“I’m going to the shower on Sunday,” Trixie grumbled, shoulders hunched defensively.

One elegant eyebrow slowly rose in accusation.  “I’m going for the entire weekend, so I can spend some time with family and friends.”

Returning an equally accusatory glare, Trixie replied, “Really?  I’d have thought you’d be holed up somewhere with the new boyfriend who’s so secret you won’t even tell me his name.”

Honey said nothing and attempted to maintain her glare, but she was not successful in hiding the color rising to her cheeks.

Understanding hit Trixie like a ton of bricks, and only served to further darken her foul mood.  “Brian?  You were afraid to tell me you were dating Brian again?”  She snorted in disgust.  “Don’t tell me the romance of the Christmas wedding swayed you.”

Irritation flared in Honey’s hazel eyes.  “I didn’t tell you because I’m tired of your cynicism.”

Trixie looked away and said nothing.

Honey sighed.  “Look, if you’re going to stay here, you could do some background research on the file I left on my desk.  Or you could do some detecting and figure out where you lost your Christmas spirit.  Either way, I expect to see you on Sunday with a smile on your face.  Bobby and Bella deserve that, at least.”

“They do,” Trixie nodded in reply.  “And I can manage to keep a smile on my face for a three-hour shower.  But I know I couldn’t do it for the whole weekend, so I’m going to spare everyone else from suffering through my bad mood.”

Reluctantly agreeing, Honey nodded.  “I understand.”  She reached out and wrapped her in a hug.  “I just hope you find the happy Trixie I know and love sometime soon.”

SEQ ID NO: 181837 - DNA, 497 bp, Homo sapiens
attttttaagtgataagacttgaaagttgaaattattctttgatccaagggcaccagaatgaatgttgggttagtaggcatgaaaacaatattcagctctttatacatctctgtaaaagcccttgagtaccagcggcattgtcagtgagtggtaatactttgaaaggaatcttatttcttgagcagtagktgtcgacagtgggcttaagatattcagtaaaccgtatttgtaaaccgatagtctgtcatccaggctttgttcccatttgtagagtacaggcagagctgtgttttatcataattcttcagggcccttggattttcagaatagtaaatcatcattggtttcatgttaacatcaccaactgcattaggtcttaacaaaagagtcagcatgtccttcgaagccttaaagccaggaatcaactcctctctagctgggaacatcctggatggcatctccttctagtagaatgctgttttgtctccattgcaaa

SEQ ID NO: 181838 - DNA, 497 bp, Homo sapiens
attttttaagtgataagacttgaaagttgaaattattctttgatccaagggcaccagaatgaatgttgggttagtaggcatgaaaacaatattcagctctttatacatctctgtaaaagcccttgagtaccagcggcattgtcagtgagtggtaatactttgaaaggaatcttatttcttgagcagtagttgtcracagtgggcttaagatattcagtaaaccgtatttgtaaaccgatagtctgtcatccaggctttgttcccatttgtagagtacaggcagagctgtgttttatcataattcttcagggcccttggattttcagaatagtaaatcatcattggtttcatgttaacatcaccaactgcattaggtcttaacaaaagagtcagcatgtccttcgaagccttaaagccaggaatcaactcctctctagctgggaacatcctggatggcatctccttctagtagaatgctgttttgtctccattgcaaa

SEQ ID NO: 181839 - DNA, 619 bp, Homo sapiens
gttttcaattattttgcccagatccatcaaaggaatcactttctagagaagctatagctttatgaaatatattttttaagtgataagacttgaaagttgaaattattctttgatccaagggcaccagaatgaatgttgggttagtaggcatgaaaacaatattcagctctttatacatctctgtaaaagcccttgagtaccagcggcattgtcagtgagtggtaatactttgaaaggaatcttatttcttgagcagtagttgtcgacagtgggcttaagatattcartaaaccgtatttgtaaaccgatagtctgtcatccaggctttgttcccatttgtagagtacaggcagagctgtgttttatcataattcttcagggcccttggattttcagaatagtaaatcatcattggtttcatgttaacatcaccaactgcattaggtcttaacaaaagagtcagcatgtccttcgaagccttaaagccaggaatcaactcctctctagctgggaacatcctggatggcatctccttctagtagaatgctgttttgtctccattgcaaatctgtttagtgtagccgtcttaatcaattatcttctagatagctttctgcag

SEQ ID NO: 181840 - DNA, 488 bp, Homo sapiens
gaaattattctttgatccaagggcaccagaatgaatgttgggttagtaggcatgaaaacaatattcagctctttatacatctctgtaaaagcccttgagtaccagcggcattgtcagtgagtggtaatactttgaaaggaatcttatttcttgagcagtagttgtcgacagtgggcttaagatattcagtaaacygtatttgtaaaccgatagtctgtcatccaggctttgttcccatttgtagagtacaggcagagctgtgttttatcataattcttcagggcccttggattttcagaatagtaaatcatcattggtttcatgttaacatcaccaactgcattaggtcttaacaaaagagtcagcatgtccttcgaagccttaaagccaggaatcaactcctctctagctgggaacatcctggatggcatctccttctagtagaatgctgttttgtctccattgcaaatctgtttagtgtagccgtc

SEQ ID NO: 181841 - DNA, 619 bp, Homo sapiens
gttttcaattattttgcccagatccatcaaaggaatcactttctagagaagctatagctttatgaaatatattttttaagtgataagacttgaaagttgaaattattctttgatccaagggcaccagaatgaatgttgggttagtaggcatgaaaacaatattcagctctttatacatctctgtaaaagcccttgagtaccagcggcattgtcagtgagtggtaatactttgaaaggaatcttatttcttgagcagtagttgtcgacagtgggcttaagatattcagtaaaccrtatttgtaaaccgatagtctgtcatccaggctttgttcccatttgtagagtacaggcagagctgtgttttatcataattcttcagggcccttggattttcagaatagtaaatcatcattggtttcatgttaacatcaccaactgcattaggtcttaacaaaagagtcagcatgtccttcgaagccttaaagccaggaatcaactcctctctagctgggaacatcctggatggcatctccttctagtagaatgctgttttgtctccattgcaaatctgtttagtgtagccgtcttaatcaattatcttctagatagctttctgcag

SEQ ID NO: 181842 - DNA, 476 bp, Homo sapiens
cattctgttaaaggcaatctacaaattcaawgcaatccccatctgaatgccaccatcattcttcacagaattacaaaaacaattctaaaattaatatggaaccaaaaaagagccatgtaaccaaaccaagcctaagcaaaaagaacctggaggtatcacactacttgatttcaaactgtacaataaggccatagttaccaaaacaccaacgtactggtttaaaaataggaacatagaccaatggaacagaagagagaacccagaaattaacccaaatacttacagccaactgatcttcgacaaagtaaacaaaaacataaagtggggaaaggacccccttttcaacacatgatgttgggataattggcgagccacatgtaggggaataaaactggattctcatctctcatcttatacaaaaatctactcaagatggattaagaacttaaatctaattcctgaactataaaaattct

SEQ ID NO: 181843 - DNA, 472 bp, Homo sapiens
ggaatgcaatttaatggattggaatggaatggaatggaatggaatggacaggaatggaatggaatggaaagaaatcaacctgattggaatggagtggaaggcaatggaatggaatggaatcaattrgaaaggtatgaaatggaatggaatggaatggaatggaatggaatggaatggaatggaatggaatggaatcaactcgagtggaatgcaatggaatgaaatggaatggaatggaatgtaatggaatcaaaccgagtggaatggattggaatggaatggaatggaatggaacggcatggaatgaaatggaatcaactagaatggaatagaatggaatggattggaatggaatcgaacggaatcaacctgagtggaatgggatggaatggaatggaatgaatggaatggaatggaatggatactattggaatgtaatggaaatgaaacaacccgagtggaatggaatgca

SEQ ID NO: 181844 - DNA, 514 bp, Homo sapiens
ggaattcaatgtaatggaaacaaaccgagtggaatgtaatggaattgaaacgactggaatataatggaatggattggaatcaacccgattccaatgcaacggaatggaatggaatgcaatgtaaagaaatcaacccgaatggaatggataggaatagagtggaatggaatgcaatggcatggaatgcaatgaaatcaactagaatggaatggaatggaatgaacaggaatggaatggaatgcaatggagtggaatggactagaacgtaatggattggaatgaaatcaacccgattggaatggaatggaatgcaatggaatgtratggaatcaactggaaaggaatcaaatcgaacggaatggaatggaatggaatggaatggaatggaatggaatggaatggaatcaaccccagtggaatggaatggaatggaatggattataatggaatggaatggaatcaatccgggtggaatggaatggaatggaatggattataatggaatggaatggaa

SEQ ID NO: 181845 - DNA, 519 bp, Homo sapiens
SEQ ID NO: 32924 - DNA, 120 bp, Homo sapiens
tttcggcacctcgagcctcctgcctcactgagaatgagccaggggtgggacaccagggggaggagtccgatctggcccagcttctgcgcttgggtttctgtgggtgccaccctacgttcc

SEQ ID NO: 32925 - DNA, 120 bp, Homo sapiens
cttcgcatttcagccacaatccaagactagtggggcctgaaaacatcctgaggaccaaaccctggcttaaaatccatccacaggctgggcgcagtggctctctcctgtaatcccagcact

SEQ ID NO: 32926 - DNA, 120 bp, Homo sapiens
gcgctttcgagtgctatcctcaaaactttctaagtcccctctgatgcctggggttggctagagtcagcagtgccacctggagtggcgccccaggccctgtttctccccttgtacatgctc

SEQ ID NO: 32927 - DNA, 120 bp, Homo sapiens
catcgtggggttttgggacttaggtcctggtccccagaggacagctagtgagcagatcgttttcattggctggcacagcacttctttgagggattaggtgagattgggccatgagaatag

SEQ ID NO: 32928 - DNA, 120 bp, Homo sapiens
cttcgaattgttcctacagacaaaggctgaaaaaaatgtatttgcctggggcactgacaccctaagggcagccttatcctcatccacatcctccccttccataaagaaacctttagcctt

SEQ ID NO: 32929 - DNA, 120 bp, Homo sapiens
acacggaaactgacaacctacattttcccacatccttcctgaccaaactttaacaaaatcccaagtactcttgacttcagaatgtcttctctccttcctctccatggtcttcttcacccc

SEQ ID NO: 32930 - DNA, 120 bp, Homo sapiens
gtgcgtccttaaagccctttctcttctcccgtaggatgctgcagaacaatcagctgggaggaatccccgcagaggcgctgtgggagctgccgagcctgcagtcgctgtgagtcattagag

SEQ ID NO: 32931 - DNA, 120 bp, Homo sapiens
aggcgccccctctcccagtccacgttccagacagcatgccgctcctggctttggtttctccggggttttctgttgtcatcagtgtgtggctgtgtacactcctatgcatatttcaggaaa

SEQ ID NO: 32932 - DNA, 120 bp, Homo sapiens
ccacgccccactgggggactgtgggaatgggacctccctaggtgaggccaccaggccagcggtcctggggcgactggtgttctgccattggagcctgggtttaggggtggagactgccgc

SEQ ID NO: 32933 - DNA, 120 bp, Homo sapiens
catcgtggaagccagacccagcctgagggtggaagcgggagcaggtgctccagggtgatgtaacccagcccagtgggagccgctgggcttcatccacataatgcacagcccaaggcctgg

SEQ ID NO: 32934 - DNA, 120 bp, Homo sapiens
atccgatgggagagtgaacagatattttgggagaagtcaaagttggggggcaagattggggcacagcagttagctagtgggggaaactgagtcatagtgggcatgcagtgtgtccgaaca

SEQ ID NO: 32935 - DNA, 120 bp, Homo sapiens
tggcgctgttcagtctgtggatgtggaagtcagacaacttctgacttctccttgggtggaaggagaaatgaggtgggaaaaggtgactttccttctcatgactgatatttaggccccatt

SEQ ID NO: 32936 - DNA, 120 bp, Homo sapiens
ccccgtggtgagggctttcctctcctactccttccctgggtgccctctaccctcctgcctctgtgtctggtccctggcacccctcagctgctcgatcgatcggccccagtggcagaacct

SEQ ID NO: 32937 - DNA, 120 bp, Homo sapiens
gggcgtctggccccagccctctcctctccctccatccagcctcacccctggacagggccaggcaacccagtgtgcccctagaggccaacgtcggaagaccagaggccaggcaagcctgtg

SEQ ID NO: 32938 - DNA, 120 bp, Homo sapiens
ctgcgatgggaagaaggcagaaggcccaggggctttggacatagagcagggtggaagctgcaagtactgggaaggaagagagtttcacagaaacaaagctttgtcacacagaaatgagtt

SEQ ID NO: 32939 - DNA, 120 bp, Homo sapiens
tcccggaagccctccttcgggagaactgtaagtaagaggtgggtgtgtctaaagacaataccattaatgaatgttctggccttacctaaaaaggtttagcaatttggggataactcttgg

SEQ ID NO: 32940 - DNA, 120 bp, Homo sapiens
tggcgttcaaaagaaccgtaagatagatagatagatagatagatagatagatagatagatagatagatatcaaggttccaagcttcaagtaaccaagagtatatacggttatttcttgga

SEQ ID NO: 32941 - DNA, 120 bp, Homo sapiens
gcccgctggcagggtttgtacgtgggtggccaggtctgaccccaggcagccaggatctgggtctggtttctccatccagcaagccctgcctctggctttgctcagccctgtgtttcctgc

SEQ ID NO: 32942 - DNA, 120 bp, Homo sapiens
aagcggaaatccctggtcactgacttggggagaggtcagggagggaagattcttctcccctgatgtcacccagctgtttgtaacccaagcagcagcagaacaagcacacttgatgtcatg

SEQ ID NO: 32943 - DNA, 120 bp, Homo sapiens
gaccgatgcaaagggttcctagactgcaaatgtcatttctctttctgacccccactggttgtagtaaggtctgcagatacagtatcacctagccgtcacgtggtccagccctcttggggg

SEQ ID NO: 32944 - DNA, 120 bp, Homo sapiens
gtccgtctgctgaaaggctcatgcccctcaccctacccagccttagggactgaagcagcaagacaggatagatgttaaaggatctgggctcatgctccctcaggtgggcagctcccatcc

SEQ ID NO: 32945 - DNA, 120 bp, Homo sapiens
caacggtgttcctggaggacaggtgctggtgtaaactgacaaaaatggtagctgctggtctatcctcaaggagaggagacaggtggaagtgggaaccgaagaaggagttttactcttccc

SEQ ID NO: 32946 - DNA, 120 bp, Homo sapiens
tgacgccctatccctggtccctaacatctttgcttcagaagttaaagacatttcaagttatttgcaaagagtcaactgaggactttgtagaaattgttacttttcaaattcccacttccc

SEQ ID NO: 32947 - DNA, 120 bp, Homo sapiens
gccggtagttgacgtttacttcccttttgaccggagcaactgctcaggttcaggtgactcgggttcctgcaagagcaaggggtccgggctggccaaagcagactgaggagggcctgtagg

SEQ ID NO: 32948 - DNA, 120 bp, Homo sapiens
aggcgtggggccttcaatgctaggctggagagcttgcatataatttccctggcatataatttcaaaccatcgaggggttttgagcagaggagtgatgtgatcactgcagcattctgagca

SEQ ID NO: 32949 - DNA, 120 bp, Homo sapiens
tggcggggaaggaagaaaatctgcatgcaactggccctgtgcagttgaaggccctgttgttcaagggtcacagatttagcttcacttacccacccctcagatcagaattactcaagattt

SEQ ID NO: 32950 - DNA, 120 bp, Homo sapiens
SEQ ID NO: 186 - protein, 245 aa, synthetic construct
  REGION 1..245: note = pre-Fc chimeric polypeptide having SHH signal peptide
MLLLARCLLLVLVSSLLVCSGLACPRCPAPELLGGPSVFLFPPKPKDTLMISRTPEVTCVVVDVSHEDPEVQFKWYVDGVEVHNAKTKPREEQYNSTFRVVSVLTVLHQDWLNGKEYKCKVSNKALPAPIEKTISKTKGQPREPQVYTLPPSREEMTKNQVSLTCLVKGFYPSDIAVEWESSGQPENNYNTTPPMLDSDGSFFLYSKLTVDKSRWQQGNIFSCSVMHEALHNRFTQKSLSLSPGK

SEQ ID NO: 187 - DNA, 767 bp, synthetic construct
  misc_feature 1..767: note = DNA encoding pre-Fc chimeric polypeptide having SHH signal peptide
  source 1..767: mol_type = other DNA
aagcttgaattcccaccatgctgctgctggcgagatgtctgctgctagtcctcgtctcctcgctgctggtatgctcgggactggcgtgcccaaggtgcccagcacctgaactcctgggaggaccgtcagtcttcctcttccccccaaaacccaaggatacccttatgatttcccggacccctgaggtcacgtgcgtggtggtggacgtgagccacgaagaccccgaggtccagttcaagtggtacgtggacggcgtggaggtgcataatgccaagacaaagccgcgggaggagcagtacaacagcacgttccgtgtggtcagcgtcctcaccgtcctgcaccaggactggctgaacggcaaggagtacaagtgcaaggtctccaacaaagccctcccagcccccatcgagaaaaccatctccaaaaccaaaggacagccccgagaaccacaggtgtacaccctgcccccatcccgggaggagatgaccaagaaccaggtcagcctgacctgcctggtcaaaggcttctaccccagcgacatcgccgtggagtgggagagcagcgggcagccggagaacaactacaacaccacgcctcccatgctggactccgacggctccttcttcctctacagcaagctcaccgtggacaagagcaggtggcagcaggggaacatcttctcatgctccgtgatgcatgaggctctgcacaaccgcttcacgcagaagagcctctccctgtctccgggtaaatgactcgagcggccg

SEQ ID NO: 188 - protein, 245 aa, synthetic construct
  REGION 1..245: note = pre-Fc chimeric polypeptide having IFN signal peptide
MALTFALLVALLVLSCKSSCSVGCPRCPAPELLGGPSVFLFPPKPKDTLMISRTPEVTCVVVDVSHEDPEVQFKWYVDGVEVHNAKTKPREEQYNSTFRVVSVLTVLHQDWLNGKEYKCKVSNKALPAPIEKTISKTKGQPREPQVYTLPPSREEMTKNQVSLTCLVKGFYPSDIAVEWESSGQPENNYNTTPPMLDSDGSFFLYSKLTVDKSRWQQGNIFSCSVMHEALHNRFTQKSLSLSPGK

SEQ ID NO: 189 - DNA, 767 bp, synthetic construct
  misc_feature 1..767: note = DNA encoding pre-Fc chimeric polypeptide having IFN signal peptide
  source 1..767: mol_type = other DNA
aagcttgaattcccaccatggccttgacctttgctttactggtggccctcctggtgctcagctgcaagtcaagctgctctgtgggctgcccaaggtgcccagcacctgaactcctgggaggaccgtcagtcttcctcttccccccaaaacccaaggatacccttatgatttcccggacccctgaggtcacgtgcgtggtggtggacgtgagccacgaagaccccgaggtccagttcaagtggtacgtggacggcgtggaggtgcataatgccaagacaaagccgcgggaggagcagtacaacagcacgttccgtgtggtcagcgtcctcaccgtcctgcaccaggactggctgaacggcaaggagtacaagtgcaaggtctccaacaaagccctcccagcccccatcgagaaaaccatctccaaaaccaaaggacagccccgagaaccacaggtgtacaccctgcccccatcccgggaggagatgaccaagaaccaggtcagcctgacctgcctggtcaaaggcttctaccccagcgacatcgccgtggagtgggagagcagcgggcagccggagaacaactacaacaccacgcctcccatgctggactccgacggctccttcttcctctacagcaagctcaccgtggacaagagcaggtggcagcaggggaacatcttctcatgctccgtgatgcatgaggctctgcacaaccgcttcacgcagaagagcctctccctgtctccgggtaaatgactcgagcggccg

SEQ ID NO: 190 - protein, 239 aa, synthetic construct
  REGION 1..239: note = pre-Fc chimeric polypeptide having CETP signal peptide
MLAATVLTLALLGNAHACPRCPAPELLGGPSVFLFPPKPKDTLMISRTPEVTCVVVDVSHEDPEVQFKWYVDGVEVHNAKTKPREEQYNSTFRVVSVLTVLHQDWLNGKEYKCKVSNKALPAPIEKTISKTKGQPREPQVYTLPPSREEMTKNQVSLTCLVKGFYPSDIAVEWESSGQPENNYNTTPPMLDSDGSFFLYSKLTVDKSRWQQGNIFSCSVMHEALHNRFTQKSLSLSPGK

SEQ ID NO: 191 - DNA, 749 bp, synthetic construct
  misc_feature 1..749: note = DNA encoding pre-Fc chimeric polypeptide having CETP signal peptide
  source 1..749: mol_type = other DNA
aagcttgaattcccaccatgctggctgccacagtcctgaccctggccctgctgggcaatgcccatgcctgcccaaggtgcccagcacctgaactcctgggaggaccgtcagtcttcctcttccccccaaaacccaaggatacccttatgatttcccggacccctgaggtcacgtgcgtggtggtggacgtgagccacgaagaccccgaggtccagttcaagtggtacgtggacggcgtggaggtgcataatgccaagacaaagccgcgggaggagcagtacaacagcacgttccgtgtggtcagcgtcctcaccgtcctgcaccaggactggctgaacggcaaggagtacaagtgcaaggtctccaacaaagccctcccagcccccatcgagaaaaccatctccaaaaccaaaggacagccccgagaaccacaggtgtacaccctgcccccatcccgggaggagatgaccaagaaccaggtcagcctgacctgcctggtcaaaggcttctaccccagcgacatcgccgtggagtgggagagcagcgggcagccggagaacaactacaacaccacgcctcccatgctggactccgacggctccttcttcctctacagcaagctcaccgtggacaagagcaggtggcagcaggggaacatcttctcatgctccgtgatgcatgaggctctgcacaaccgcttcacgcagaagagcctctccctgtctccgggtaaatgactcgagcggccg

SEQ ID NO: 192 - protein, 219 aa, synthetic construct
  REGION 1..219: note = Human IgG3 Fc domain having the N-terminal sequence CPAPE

Trixie hugged her back.  “Me too.  Enjoy your weekend.”



Pretending to be too busy to go home for the weekend worked for Trixie most of Saturday morning.  She had done an intake on a new case on Friday morning, and she spent time doing background work and digging through the internet for information.  She didn’t solve the case, but at least she had a full folder of information to review with Honey during their regular Monday morning meeting. 

Their private detective agency had a pretty good system.  Sometimes they worked cases together, sometimes they met with clients alone, but they met regularly to update each other and brainstorm.  They believed that it was important for both partners to be aware of what was going on in their firm, and they both benefitted from bouncing ideas off each other.

Frustrated with not being able to do anything else on her case, Trixie remembered Honey’s request to look at the folder on her desk.  Honey had had a client meeting out of the office, and they had not had a chance to discuss the new case.  Trixie went over to her partner’s office to retrieve the file.

Walking into the room caused an involuntary eyeroll.  Trixie and Honey had very different styles of organizing themselves, and Honey’s “not a hair visibly out of place” style drove Trixie nuts.  There was at least one drawer in her office that was chaotic, but as long as no one could see the chaos Honey was happy.  Trixie’s desk was often covered in piles, but she knew where everything was and nothing went into a drawer unless it was filed properly.  If it still needed attention, it needed to be where Trixie could see it.  Trixie didn’t care who could see the chaos; Honey worried about appearances.  Neither was quite as extreme about it as they’d been as teenagers, and it was an ingrained part of their character that they accepted about each other.  But Trixie still rolled her eyes at the spotless desk.